Chlamydia trachomatis

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Contents

Introduction

Cause of sexually transmitted infection (particularly urethritis and pelvic inflammatory disease), female infertility, and also trachoma.


Chlamydia are obligate intracellular organisms. As pathogens, Chlamydia trachomatis inhabits the urethra of both males and females, but can also extend further into the genito-urinary system. The serovars that cause trachoma are distinct from those that cause genito-urinary disease.

Clinical

  • Asymptomatic in between 50-88% of those infected[1]
  • 46% of infections clear spontaneously within a year[1]

History

  • Risk factors, including:
  • Unprotected sexual intercourse
  • Multiple partners
  • "One night stand"
  • Commercial sexual transaction (prostitution - either as the prostitute or as client)
  • Other STDs in self or in partner. It may be advisable to ask about previous experience of GUM.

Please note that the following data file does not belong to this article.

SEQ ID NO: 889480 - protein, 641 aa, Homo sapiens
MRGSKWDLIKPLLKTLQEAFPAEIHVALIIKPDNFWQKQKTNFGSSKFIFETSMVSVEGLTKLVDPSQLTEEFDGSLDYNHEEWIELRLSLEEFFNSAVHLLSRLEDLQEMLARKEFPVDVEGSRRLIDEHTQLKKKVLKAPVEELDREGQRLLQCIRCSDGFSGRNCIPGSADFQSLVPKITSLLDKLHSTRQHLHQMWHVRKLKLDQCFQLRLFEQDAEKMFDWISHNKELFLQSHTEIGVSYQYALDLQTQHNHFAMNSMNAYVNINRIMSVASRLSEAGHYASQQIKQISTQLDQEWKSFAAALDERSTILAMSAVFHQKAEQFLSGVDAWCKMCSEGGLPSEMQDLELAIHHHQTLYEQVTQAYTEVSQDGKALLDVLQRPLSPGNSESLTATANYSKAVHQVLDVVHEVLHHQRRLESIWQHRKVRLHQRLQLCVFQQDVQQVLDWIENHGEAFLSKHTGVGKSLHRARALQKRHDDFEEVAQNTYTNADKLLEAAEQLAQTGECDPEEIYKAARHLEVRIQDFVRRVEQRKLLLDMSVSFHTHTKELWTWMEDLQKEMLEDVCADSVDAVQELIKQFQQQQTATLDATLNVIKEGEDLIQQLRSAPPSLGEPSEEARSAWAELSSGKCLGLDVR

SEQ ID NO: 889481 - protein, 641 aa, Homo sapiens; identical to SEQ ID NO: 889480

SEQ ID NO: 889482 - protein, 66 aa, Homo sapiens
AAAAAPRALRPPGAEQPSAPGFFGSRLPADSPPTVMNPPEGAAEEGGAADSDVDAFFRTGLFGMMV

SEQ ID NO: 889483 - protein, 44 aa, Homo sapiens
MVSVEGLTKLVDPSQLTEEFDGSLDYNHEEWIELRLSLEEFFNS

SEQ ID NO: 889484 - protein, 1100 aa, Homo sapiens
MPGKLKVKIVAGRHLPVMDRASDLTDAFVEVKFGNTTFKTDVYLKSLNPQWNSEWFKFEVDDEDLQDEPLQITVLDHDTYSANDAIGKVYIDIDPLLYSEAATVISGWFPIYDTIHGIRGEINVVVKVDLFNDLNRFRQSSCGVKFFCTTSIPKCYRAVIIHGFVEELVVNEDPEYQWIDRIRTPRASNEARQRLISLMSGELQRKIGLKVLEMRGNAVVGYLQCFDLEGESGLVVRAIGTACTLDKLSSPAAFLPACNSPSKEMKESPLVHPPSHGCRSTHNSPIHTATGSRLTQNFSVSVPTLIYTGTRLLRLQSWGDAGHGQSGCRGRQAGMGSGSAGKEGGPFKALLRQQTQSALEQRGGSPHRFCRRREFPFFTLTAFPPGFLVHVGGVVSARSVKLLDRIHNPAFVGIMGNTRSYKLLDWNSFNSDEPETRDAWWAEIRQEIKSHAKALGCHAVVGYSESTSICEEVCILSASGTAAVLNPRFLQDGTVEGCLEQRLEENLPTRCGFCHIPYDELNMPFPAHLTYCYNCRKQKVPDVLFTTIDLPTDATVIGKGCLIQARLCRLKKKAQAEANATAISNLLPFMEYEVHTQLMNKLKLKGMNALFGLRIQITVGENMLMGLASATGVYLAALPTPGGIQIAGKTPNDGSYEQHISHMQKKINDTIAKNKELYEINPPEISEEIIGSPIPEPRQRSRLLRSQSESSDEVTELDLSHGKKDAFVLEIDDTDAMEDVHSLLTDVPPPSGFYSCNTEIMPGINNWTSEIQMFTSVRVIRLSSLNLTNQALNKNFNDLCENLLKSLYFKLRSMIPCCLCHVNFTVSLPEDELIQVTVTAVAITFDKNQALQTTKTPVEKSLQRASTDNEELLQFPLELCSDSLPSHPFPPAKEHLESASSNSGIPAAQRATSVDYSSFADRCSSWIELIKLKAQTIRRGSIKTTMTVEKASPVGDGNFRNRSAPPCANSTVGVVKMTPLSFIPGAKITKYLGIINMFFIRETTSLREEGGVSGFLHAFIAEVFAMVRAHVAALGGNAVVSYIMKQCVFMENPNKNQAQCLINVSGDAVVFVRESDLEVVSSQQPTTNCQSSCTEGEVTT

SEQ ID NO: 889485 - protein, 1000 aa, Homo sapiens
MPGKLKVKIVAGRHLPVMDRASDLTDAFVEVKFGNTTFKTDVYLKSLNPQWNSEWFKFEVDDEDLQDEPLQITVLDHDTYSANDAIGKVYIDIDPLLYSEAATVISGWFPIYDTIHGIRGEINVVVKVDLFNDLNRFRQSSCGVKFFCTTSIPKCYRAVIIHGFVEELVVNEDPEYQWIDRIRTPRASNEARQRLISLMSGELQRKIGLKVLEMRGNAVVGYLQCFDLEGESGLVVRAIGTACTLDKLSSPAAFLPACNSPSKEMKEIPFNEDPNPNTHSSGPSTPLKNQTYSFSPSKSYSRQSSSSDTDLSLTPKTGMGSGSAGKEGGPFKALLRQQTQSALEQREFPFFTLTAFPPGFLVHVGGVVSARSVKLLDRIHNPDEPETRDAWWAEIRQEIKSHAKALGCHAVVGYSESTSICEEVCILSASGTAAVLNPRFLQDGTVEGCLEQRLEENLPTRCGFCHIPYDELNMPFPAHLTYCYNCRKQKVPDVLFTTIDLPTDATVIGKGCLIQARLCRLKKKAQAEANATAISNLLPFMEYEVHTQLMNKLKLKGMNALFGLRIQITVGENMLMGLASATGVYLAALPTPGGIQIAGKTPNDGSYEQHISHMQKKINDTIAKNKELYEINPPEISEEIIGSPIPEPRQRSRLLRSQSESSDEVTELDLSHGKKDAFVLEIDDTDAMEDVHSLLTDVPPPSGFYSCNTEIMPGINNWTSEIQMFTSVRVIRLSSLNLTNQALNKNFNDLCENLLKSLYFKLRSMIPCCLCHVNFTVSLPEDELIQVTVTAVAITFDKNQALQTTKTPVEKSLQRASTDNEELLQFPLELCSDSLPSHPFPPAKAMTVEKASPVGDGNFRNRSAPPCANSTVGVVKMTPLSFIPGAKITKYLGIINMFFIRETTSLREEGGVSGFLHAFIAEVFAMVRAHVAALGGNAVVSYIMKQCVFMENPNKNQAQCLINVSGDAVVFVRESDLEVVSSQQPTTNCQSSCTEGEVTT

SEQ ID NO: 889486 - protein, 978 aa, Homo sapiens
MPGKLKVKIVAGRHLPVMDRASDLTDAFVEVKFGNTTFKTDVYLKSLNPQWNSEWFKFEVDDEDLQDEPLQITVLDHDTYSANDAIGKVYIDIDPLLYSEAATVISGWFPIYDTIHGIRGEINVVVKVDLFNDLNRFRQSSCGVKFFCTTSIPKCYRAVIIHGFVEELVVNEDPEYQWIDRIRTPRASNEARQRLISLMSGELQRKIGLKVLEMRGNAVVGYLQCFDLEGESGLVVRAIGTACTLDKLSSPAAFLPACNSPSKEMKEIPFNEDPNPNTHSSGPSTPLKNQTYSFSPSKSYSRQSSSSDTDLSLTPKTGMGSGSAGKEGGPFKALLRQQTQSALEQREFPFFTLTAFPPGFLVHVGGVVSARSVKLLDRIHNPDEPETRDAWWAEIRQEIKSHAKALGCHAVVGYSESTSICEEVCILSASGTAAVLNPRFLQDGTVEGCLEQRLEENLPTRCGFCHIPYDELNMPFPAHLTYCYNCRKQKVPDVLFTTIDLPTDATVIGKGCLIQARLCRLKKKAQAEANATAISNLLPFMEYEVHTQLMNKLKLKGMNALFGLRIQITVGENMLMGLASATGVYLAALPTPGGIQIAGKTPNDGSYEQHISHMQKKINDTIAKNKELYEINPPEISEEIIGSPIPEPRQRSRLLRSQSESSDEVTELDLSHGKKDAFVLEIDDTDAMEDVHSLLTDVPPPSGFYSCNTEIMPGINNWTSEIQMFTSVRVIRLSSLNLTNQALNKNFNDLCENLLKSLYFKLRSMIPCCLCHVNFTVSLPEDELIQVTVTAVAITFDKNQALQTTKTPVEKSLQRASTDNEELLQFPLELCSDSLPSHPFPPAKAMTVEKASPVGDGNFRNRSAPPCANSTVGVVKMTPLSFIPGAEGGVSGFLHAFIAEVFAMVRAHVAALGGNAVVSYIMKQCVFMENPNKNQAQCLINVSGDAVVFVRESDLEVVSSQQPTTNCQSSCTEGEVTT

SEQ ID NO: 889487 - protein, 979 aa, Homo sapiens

• Bisexual or homosexual orientation
  • Include previous Chlamydia exposure
  • Treatment history, particularly incomplete treatment
  • Partner's sexual history (if known)
  • Previous pelvic inflammatory disease

Examination

LogoWarningBox4.pngIt is absolutely vital to have a chaperone present in all such examinations.
  • External genitalia including testes in males
  • Urethral swab (specialised transport medium) (Insert 1-4 cm, rotate once)
  • Screen for other STDs via high vaginal swab in females
  • Offer HIV screening to suitably counselled patients
  • Self-applied vaginal swab by females.

In the UK recently screening programmes for asymptomatic sexually active young adults have demonstrated a lower incidence of Chlamydia than was assumed or suggested by those introducing them.

Complications

Investigations

Blood tests

  • Serology

Urine

Cell culture

Rarely used.

Treatment

Medical

Azithromycin 1 gram stat is the most usual treatment.

Contact tracing

Counselling about risk

Prevention

Notification

External links

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References